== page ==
Monday, February 23, 2015

Turn It Around for the Sale

Having an undecided customer hold a pleasure-oriented product makes the customer much more likely to complete the purchase. Not only that, but the customer becomes willing to pay a higher price for the product.
     But there are challenges in you depending on touch as a selling tactic:
  • Some products are unpleasant for the customer to touch. 
  • Adults vary considerably in the degree of pleasure they derive from touching. 
  • There are cultures in which a shopper is offended by a salesperson asking them to hold products before making a purchase. 
  • Customers have little interest in an item on a rack or shelf when they’re thinking about who else has touched it. They feel disgusted at the idea the product could have been contaminated by other shoppers. 
  • Ecommerce allows few opportunities for the shopper to actually touch the product before purchase. 
     Regarding the last of these, researchers at Texas Tech University assessed two techniques while the online consumer was viewing the item: Zoom in on the image of the item. Rotate the image of the item.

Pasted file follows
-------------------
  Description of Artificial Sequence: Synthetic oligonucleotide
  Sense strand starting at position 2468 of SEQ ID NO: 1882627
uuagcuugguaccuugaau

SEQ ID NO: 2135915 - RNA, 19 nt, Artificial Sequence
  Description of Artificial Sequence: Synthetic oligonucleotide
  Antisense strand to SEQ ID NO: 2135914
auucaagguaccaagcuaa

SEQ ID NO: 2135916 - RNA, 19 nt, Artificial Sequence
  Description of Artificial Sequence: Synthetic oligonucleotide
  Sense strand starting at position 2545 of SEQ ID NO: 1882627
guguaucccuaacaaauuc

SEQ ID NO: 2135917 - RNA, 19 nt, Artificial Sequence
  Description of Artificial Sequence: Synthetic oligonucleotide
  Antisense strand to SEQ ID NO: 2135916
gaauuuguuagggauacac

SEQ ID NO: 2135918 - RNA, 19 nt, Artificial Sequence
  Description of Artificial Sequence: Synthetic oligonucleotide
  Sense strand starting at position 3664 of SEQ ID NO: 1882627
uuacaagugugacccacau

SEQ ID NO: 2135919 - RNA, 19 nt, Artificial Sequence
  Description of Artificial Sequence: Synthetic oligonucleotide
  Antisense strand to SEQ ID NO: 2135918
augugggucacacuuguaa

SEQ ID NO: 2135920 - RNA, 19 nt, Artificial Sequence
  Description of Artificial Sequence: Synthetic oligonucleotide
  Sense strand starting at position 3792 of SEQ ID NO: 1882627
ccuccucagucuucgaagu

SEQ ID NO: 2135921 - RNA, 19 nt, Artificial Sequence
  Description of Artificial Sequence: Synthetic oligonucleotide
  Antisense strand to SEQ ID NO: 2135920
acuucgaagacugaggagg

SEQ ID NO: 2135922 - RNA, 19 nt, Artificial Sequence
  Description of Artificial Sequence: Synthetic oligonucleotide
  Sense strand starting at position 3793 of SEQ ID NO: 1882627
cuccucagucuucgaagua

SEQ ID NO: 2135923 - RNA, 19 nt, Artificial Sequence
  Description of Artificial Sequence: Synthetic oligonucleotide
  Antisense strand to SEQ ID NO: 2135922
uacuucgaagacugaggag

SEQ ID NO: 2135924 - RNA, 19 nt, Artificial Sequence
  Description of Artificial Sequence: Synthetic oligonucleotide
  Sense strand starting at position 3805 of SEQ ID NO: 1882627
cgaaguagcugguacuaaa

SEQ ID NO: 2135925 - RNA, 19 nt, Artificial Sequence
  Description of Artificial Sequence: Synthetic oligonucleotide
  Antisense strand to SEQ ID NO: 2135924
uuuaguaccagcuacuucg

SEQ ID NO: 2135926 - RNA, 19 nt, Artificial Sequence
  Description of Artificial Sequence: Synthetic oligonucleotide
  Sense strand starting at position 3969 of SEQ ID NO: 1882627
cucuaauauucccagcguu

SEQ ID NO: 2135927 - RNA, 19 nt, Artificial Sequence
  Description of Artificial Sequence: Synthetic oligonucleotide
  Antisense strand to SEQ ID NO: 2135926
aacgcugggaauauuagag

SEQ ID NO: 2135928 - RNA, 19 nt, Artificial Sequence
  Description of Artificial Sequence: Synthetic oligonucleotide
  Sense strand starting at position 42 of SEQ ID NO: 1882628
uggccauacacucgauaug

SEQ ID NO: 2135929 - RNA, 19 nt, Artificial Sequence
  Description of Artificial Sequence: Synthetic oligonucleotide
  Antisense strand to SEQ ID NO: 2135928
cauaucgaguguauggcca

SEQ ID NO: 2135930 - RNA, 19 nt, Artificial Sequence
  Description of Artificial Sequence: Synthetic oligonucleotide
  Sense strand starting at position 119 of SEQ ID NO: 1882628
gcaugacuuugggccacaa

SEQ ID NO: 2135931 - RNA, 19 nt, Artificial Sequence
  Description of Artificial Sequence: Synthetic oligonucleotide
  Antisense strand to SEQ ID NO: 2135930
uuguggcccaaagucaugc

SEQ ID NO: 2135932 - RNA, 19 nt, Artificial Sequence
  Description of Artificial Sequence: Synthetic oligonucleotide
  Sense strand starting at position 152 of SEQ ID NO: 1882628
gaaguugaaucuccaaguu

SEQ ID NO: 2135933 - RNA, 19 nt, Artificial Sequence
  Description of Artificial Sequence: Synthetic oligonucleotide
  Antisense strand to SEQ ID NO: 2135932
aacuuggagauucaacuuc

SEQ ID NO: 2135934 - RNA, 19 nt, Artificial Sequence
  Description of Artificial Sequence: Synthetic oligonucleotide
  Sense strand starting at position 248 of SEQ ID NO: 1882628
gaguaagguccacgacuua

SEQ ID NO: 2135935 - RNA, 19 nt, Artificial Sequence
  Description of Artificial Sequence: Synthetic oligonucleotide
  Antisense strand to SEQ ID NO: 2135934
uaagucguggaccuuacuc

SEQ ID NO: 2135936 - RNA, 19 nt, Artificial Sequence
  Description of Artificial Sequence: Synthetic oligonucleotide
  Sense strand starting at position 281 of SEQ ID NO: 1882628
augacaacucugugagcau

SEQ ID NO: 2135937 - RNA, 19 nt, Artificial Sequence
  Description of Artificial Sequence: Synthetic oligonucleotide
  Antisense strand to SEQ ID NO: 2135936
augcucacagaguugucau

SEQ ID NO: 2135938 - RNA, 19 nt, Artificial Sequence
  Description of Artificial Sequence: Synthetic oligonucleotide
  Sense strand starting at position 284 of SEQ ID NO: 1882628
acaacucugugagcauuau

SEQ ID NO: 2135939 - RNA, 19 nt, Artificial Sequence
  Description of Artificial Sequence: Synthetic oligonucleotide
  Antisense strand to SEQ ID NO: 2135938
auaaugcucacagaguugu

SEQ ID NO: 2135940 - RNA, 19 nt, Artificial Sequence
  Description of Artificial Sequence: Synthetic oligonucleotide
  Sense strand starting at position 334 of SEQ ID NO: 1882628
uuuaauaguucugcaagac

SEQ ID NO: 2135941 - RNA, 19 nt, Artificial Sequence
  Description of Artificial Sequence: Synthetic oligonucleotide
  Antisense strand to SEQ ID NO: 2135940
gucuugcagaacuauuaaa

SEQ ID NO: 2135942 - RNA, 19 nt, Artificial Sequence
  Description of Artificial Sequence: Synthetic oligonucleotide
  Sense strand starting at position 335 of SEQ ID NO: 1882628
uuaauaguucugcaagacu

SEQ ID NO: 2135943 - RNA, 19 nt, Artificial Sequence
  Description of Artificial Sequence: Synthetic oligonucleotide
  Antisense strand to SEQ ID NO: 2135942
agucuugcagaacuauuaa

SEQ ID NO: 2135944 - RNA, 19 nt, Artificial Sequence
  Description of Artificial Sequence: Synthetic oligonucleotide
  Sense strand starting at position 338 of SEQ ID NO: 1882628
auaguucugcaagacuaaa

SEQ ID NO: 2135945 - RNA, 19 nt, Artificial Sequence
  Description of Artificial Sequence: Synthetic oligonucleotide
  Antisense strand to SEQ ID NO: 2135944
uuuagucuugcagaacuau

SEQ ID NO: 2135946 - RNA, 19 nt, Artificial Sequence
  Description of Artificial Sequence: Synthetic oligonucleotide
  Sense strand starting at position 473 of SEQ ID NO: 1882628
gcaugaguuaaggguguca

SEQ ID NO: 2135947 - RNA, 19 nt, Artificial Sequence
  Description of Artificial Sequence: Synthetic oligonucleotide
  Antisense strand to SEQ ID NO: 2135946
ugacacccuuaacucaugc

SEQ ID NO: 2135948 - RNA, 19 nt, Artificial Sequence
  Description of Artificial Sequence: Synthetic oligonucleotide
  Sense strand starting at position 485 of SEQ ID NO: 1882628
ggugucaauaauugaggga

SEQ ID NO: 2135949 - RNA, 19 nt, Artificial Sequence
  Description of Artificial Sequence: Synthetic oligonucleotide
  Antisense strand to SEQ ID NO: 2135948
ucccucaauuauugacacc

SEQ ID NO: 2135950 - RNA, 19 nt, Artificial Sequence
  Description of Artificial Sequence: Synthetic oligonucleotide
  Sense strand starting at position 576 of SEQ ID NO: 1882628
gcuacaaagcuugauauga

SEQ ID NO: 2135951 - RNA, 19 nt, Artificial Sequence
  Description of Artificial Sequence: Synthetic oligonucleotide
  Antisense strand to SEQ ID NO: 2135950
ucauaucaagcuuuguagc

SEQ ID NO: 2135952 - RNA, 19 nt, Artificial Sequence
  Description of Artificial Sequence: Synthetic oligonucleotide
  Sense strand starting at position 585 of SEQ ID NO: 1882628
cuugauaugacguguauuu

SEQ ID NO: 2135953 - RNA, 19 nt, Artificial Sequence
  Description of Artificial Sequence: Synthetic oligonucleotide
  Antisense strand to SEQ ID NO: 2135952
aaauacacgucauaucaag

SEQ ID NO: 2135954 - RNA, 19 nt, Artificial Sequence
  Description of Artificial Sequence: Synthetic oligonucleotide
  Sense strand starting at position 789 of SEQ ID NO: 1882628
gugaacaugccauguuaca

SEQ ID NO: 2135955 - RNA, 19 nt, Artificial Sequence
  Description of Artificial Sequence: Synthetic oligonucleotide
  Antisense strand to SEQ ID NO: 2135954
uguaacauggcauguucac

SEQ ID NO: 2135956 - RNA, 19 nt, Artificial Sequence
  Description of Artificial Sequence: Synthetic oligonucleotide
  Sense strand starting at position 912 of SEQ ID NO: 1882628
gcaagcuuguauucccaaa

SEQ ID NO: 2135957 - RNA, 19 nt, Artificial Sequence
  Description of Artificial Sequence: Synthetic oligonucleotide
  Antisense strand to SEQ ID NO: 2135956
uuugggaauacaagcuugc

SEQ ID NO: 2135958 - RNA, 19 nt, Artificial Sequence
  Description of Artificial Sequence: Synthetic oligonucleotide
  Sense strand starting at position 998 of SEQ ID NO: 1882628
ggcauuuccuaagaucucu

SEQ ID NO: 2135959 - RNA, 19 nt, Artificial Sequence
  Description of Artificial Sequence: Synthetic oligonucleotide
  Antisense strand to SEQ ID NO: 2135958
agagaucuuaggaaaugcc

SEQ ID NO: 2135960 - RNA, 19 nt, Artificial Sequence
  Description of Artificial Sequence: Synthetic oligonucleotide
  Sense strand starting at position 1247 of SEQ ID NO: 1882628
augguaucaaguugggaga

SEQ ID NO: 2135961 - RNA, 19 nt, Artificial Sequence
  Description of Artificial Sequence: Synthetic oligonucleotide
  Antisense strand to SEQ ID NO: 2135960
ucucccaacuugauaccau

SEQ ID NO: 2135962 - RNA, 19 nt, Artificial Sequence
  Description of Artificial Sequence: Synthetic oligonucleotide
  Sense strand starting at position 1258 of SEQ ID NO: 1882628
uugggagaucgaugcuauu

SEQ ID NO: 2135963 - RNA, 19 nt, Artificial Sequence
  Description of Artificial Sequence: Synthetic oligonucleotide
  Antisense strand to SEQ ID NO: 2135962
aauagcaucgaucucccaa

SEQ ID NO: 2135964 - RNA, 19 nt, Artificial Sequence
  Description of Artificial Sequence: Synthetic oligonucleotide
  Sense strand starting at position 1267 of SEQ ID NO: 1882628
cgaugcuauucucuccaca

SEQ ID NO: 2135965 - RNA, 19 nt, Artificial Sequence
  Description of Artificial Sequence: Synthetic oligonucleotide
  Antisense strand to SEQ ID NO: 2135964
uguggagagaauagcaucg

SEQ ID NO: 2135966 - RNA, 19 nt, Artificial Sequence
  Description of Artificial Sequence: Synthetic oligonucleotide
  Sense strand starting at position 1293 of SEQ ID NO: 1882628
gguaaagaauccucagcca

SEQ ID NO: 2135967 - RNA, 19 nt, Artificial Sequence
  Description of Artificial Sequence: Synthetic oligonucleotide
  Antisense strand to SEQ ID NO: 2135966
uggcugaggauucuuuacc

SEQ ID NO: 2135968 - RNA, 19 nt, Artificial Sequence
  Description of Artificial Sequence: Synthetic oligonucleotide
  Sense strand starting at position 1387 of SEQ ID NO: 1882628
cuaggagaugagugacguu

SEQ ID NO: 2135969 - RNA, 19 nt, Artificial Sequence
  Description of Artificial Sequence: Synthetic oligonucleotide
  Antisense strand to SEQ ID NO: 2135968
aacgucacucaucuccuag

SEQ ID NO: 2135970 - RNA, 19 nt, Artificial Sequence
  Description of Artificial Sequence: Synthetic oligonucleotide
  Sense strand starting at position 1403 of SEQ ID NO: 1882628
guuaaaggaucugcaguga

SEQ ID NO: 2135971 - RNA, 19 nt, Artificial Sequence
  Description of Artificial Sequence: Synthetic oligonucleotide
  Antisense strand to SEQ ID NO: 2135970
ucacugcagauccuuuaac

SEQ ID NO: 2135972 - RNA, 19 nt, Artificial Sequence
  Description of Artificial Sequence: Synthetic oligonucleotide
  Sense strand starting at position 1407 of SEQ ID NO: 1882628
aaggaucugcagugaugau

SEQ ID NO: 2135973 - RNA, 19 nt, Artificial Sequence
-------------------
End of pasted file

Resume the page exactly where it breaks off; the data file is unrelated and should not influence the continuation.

Of the two, the rotation produced more anticipation of the rewards of owning the product.
     These findings could be generalized to in-store sales as well. There are those times you’ll choose to delay the shopper touching the item. In these cases, gently rotate the item while showing it to the shopper. Or with a large item, have the shopper walk around it for a little while before making contact.
     This is a form of what researchers at University of Oxford and University of Milano call “affective ventriloquism.” Inquiries by those researchers discovered that a salesperson also can achieve the advantages of actual touch by emphasizing touch words—like soft, warm, or fluffy—and by the salesperson running their hands over products as they demonstrate them. Vision and hearing were evoking sensations of feeling the product.
     When you head off the customer touching the item immediately, it doesn’t necessarily mean avoiding head on presentations, however. Consumers who seek power products such as red meat and sport utility vehicles like head-on portrayals.
     Cornell University and University of Michigan researchers showed some consumers pictures of SUVs facing directly toward the viewer, while others were shown side views of the vehicles. The consumers seeing the head-on perspective gave higher average ratings of the SUV on words like “dominant” and “powerful.” With pictures of family sedans, there were no differences.

For your profitability: Sell Well: What Really Moves Your Shoppers

Click below for more: 
Reach Out for What Will Touch Your Shoppers 
Head On In To Portray Power Products

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